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Around the world in a daze

Europe part 2

GERMANY | Tuesday, 6 October 2009 | Views [391]

After a whirlwind tour of some of the major cities in north Western Europe, we headed down to the south of France for some R and R.

Louisa and I arrived in Bordeaux feeling exhuasted and not wanting to do much, as a result spent most of our time sitting in the park eating pate and cheese with bread. Pretty nice!

Picnics in the park with pate and bread

The main tourist attraction in Bordeaux is to take a wine tour with the grey haired tourists and sample wine by spitting it out, at a huge expense. We decided it was far better to buy the same wine from the supermaket around the corner for under 3 euros and drink it at the hostel with other backpackers – and we certainly did not spit it out!

Our Bordeaux wine

After two nights it was time to move on again to the seaside town of Biarritz, right near the Spanish boarder.

The sun was shinning and it was actually warm enough for us to get in the water, something we hadn't felt like doing since Asia. Most of the locals decided it was too warm to even wear clothes. The beach was filled with elderly women, the colour of tangerines, wearing noothing but a g-string.

After that sight, it was time to leave France and cross the boarder into Spain. We headed to San Sebastian – also a seaside resort. Unfortunately the good weather did not follow and although we enjoyed some nice relaxing walks along the beach, we didn't feel compelled to get in the water again.

We did, however, sample some of the fine local cuisine. In the Basque part of Spain, instead of tapas they serve pintxos. Basically you walk into a bar and there are platters of food such as small open sandwiches, seafood skewers and chorizo sausages. The barman gives you a plate and you fill it up with as many goodies as you want then show him and he will charge you. The idea is to have a few at a bar then head on to the next.

It is also important to sample the local drinks. We really enjoyed the kalimotzo – a mixture of coke and red wine, which sounds disgusting but is actually delicious and tastes similar to sangria.

Pouring cider San Sebastian style

We also tried sangria and tapas a few days later in Barcelona, as well as a yummy paella. Barcelona was a fun city. We saw a couple of Gaudi's pieces of work, including la Sagrada Famillia, which has been a work in progress for about 100 years and is still not expected to be completed till 2030. it was impressive but i was left wondering whether it was all worth it.

La Sagrada Famillia

We also had a walk along the fake beach, with sand imported from the Sahara for the 1992 Olympics. We managed to make it up to the highest point in Barcelona – it is 16.9 metres high!

But time was running out and we had to meet Andy and Blake in Switzerland. Unfortunately the trains weren't running as we planned – one was full, one late, one not running on a sunday, etc... and we didn't arrive in Sion, our meeting place, until 2am, by then the others had gone to bed. We had to find accomodation for the night quickly and because we were not willing to pay 100 euros for a hotel each, some taxi drivers agreed to take us to a stadium, where we could camp in the car park, beside the horse stables – an interesting night!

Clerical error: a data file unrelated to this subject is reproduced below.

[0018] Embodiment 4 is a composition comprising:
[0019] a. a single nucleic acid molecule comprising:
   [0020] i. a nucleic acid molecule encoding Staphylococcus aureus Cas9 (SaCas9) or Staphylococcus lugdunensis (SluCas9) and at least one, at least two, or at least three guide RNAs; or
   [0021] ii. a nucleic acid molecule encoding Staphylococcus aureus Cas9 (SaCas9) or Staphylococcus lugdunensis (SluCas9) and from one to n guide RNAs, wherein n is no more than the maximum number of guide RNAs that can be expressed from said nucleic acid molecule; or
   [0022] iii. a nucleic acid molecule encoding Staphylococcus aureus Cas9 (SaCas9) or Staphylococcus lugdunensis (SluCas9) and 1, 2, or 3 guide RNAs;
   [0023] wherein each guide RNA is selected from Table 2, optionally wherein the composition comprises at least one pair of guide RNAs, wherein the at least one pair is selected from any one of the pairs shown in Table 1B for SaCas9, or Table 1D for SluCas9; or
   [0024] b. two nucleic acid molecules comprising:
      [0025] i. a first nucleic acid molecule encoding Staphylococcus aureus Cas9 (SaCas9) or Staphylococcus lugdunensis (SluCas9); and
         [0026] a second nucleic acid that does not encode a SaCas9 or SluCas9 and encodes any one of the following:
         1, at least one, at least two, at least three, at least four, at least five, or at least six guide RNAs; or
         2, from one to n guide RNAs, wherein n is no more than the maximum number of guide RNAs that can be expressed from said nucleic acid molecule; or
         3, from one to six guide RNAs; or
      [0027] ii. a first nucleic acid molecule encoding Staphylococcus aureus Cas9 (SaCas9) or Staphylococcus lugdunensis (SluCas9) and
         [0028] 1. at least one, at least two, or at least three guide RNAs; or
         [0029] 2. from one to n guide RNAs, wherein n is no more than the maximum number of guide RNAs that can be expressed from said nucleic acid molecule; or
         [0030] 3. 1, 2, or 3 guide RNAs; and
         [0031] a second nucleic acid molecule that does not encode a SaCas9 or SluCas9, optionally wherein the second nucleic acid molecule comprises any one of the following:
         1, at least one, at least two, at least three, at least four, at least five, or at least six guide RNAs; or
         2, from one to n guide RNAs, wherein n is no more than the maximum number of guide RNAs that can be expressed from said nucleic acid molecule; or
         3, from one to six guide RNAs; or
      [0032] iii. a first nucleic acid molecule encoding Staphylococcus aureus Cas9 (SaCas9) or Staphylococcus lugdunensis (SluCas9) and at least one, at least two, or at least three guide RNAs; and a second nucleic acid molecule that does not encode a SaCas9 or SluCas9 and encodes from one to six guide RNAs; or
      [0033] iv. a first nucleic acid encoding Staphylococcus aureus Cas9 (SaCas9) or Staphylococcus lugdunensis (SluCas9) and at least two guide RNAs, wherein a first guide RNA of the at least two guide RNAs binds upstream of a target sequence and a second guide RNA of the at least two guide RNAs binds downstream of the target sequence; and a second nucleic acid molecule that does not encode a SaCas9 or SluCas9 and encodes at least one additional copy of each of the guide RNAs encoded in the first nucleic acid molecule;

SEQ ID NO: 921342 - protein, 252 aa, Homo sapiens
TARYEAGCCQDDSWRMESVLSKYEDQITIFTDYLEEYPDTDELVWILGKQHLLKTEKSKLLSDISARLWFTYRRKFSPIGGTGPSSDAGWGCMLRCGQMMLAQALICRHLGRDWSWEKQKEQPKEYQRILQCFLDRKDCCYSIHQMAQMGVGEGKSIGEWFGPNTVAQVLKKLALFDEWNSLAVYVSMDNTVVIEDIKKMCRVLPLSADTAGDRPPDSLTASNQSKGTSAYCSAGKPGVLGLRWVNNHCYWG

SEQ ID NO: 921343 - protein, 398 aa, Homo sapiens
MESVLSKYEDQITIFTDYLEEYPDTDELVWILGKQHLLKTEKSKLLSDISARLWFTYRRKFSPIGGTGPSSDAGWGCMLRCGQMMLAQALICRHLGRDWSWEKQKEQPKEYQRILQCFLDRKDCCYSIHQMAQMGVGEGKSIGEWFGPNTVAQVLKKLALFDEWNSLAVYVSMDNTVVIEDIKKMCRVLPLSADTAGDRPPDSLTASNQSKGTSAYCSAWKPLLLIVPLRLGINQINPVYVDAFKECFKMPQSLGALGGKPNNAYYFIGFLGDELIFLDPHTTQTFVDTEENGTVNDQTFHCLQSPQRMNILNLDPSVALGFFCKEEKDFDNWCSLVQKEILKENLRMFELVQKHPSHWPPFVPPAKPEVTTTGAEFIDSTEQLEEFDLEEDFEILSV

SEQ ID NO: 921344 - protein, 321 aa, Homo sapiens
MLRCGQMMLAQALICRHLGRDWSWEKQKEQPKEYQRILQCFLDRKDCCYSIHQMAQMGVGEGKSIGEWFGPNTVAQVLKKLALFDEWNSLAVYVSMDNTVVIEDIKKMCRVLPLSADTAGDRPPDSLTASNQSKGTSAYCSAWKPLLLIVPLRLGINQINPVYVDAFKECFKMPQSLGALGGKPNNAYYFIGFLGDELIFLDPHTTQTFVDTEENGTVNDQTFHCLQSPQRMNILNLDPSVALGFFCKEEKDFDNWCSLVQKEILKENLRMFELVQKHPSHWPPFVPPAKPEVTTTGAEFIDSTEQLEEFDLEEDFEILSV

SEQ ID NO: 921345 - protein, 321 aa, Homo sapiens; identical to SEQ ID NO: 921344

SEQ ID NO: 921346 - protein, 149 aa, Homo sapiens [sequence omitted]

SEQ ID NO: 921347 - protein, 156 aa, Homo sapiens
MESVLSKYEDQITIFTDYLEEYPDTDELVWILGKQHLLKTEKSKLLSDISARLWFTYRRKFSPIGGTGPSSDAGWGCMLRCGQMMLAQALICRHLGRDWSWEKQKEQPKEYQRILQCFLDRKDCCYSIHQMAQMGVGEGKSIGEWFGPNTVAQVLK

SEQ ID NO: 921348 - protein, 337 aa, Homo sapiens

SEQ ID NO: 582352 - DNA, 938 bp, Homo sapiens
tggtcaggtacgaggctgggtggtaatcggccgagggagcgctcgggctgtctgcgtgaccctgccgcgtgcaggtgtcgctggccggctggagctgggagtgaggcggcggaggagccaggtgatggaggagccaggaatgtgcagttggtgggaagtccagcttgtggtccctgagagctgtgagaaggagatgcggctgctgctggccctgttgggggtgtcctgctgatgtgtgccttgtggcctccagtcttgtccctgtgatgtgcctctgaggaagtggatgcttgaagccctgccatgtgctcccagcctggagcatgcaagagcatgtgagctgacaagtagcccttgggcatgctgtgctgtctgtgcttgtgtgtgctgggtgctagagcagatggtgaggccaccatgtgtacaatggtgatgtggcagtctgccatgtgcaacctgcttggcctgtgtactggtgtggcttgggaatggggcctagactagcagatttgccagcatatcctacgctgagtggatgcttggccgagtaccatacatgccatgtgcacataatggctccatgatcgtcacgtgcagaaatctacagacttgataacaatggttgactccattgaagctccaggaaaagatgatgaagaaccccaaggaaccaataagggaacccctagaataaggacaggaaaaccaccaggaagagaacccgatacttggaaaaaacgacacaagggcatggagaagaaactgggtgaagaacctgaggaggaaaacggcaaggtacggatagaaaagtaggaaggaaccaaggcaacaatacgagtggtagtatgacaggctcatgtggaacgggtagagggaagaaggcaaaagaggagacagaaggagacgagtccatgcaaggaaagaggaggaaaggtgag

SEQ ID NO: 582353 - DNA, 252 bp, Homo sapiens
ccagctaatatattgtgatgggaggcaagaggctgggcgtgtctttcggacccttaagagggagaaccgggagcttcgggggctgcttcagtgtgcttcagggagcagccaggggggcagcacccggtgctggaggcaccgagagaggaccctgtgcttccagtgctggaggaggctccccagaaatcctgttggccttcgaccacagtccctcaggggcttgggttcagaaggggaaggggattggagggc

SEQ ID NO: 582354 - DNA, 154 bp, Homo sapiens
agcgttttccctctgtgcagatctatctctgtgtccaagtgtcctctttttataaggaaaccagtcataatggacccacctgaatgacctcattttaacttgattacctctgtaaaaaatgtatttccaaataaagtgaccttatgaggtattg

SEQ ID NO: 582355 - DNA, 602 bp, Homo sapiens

camping by the stadium

Luckily we found Andy and Blake first thing the next morning and they took us in their car to a campsite in Interlarken, where we had a luxurious night in comparision. We spent just over a week driving through Switzerland, Liechtenstein and Austria. We went to such places as Grindalwald, Lucern, Vaduz and Salzburg.

We would have two nights free camping, in a park, truck stop or forest, then one night in a campsite to shower and do other important things. It was great to be out of the city and have the freedom of the car. We had many excitements along the way – mostly including food or supermarkets and freebies.

We discovered the joys of the Coop and its version of Home Brand, Prix Garantie. Our proudest moments included drinking Prix Garantie Hell Blonde beer and melting the Prix Garantie chocolate down into a chocolate fondue. In Austria we tried apple strudel, schnitzle sandwiches and both sweet and savoury pretzels.

After all the camping we lived the life of luxury for 3 nights in Munich. We had a hotel booked with a free buffet breakfast. The four of us were in heaven and ate about 4 courses each and managed to pilfer bread rolls, tea bags and sachets of Nutella for lunch. Jef came from Sheffield for the time and was shocked by the amount of food we manage to fit in our stomachs and bags.

The main reason we were in Munich was not to eat, but rather drink. It was the last weekend of Oktoberfest and we were ready to party.

We found a seat in the Hofbrau tent early on the first day and had a lady carry over our steins and plop them infront of us. it was a struggle to lift just one, but some of these ladies were carrying about 10. We had 3 each as the crowd around us got rowdier and rowdier. People were dancing on the tables and chanting and cheering.

We went back agin in the evening of the second night, which happened to be a public holiday in Germany and the second last day of the festival. There were people everywhere and spew all over the ground. We sat and had a beer on the grass and watched people pass out.

Oktoberfest was amazing and I'd recommend it to anyone who hasn't been. and it is a beautiful city We all separated again after Munich. Jef went back to Sheffield, Andy and Blake drove off into the night aiming for the Czech Republic and Louisa and I are taking it easy in Cologne. We'll meet up with Andy and Blake again in Berlin in a few days time.

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